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The value of play to literacy and numeracy

Children may learn to recognise letters and numbers by repetition and copying, but exploring their world through play where a stick represents a horse or a plate is a hat, forms foundations for abstract thinking in literacy, maths and problem solving.

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Why talking to your baby or child matters

The world of the young child is exciting. Research tells us the importance of early communication and the need for children to experiment with sounds, babbling, making noises, learning vocabulary, and communicating from as early an age as possible.

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Why repetitive reading helps your child

While even the most welcome book can wear out its welcome when your child insists on reading it over and over again each evening, it may help to know that rhyme, rhythm and repetition are all contributing a vital part to your child’s learning journey.

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Reading to kids: Quality over quantity

We have long known that reading is good for children, but research has now gone a step further and figured out how to ensure that the time we spend reading to our children is having the best possible effect on their brain development. Find out how.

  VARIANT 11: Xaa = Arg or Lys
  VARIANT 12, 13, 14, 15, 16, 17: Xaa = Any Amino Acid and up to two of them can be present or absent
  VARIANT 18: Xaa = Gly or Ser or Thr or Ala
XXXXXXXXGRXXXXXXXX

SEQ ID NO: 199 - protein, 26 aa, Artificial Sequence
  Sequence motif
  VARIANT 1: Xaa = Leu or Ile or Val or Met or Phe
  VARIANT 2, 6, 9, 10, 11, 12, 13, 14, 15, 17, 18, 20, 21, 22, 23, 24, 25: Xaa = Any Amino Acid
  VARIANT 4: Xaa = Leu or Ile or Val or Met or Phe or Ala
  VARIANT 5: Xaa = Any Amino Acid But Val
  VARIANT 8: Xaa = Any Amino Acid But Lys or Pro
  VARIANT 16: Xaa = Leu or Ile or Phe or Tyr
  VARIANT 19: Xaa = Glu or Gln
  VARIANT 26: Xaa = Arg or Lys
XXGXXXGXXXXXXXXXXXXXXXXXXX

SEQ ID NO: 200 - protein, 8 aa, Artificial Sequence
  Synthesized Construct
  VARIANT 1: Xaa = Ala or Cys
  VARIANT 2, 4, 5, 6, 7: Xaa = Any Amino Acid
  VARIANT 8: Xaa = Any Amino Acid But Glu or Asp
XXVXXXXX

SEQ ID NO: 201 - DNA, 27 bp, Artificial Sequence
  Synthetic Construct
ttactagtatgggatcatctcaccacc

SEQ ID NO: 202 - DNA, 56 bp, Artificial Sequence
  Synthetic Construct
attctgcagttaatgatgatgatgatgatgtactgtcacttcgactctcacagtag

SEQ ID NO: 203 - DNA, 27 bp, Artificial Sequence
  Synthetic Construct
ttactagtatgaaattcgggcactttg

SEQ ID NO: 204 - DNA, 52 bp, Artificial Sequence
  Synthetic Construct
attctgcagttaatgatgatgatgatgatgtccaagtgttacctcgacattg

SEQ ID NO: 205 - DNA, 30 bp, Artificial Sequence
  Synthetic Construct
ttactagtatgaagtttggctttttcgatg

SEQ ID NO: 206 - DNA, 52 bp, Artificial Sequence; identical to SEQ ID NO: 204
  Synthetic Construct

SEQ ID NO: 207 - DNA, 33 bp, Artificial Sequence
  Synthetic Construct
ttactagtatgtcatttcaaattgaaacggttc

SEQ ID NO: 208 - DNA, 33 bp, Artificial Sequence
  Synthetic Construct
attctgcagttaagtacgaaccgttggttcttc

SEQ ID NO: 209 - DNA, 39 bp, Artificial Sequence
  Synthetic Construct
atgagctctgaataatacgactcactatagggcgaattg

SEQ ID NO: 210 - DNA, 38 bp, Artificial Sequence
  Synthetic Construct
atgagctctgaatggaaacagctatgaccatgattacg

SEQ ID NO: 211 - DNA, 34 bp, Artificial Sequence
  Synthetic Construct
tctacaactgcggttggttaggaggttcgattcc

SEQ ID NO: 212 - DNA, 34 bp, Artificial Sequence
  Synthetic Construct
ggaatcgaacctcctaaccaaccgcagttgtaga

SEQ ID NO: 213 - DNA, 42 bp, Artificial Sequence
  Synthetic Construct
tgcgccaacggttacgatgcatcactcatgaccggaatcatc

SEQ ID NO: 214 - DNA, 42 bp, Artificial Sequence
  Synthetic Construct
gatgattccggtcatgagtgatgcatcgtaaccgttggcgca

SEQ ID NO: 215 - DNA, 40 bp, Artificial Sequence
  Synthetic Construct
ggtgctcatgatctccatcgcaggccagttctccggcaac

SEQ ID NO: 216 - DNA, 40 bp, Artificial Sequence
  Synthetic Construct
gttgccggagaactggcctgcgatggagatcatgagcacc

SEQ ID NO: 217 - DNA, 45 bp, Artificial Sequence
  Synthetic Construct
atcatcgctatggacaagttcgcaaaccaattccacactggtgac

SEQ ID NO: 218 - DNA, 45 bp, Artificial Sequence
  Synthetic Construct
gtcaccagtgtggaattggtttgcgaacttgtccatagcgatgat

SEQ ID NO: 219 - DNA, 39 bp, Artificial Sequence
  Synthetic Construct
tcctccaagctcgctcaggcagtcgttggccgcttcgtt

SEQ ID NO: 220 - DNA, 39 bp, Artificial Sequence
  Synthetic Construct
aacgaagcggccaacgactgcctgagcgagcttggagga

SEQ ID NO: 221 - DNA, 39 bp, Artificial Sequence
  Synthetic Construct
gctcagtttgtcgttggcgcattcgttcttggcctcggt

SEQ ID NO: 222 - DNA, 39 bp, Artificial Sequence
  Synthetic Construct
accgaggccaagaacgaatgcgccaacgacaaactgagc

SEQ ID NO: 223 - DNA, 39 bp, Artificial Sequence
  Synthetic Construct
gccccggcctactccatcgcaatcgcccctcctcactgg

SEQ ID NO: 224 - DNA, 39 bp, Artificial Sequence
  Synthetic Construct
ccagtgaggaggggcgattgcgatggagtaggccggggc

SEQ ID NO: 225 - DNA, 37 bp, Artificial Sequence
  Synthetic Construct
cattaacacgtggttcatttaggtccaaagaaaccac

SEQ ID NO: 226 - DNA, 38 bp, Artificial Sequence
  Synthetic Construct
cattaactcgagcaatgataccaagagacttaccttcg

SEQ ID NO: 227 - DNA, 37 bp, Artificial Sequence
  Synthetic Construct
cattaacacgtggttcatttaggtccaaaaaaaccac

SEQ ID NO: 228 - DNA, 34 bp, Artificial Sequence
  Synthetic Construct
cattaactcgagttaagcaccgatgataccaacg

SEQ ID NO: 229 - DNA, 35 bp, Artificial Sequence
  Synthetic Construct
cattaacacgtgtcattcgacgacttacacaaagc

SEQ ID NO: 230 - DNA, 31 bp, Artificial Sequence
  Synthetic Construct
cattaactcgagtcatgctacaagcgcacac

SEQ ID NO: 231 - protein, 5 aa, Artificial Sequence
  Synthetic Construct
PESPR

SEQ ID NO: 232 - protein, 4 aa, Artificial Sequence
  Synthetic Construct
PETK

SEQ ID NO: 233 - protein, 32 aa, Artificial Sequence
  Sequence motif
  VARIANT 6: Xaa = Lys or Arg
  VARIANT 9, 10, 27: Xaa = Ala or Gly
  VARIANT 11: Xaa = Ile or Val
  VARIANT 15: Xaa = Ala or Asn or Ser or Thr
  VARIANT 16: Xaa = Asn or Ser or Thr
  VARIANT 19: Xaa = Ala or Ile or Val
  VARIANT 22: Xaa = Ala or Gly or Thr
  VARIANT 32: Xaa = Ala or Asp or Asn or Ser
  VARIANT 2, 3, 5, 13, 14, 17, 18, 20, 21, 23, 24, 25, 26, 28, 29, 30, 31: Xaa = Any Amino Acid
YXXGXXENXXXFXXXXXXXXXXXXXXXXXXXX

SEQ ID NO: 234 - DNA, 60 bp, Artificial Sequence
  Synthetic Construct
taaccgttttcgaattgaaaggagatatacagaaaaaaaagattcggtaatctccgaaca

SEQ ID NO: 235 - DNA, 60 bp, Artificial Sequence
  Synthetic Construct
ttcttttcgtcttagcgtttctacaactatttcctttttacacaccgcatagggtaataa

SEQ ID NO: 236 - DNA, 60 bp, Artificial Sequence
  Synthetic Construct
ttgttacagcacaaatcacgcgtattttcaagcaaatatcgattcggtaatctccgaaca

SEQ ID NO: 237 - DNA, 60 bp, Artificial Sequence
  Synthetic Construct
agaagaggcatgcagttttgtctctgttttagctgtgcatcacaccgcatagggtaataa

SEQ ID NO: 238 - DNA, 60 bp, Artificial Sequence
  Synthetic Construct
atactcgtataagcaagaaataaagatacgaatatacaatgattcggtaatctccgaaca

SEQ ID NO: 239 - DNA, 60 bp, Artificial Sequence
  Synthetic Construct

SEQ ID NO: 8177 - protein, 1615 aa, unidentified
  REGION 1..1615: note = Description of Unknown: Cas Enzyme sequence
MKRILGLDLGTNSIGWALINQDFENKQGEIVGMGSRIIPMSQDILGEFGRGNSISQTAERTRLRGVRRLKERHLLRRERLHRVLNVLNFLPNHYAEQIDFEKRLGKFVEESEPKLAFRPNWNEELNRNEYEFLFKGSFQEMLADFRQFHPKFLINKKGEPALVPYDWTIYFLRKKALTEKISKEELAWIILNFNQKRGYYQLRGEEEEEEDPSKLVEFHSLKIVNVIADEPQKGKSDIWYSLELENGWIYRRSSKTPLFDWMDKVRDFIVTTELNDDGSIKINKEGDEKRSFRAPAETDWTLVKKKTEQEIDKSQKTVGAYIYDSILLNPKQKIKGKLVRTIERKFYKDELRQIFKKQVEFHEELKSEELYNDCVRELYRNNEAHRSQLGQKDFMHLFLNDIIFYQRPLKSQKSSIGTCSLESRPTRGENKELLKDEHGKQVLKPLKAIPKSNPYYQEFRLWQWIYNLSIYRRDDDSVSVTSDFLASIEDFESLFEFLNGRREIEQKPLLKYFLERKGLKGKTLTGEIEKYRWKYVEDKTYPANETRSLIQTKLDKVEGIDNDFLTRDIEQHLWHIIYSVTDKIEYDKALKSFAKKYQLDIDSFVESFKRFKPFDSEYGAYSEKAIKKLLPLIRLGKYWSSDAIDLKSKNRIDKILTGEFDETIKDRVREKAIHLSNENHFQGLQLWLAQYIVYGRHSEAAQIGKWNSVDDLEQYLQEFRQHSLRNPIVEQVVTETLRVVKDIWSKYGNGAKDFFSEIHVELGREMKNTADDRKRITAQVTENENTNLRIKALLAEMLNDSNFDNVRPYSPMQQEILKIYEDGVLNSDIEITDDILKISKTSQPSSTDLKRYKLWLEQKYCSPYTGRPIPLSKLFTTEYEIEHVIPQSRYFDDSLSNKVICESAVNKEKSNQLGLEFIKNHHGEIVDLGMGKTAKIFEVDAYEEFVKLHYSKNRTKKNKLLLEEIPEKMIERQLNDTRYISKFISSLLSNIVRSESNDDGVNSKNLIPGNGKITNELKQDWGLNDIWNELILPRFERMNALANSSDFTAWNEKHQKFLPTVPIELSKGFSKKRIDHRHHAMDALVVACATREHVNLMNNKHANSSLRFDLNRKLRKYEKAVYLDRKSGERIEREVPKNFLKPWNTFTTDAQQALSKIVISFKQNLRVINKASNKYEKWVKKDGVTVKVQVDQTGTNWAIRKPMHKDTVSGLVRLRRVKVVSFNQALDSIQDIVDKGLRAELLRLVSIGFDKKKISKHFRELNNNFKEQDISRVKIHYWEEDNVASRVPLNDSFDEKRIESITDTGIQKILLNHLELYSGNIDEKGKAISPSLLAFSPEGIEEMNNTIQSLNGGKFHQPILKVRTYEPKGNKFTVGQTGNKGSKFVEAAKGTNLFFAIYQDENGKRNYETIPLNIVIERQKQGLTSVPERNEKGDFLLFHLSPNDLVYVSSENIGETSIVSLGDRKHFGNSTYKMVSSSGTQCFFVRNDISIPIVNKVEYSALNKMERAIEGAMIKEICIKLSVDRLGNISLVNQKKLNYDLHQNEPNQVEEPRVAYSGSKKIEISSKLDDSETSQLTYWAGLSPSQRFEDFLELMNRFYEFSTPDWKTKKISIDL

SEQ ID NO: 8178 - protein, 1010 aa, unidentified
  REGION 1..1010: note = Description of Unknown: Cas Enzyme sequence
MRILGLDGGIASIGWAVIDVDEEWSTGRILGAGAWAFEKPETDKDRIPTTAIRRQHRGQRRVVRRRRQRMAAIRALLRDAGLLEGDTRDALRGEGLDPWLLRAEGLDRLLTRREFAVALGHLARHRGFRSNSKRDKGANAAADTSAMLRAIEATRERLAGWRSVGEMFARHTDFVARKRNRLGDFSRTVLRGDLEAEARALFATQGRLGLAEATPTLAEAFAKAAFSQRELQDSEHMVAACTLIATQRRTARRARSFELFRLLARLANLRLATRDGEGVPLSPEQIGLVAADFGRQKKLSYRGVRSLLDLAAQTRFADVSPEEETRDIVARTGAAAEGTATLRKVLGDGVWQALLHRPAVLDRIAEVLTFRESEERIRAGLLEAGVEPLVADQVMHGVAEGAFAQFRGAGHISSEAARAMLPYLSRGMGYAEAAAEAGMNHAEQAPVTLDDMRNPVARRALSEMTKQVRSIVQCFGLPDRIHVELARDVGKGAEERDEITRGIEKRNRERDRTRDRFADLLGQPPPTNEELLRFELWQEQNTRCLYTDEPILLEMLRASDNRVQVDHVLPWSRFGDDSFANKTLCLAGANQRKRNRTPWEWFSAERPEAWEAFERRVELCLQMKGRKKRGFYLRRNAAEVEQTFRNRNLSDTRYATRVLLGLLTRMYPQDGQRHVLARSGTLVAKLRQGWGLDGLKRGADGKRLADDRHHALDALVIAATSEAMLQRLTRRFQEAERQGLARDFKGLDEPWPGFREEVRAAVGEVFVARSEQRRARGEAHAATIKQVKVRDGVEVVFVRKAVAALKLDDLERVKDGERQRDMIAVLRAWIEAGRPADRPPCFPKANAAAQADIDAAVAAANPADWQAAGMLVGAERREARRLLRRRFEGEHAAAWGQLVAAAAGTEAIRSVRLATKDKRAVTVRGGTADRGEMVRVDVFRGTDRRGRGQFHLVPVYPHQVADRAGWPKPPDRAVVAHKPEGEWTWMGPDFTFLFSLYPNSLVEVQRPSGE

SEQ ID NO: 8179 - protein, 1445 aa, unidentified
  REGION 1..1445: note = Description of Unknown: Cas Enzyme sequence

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Tips for helping children learn to read

Research into reading aloud shows more than half of children are not being read to at home, leading to calls for parents to keep reading aloud to children. Dr Susan Ledger says when teaching reading, we need to understand how children read.

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Building language through conversation

Cognitive scientists believe that conversations between a parent and a child, known as 'conversational turns', appear to influence the biological growth of the brain, and this back-and-forth conversation is actually critical to language development.

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Household chores help children learn

How many times have you written a shopping list or read recipes without a second thought? Researchers at Macquarie University have discovered that verbalising the processes you go through every day in your household could help your child read and write.

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How to fill the '30 million word gap'

A study called the 30 million word gap reports children from lower-income families hear 30 million fewer words than those from higher-income families by age three. The more words your child hears, the more they’ll know; so speak to them early and often.

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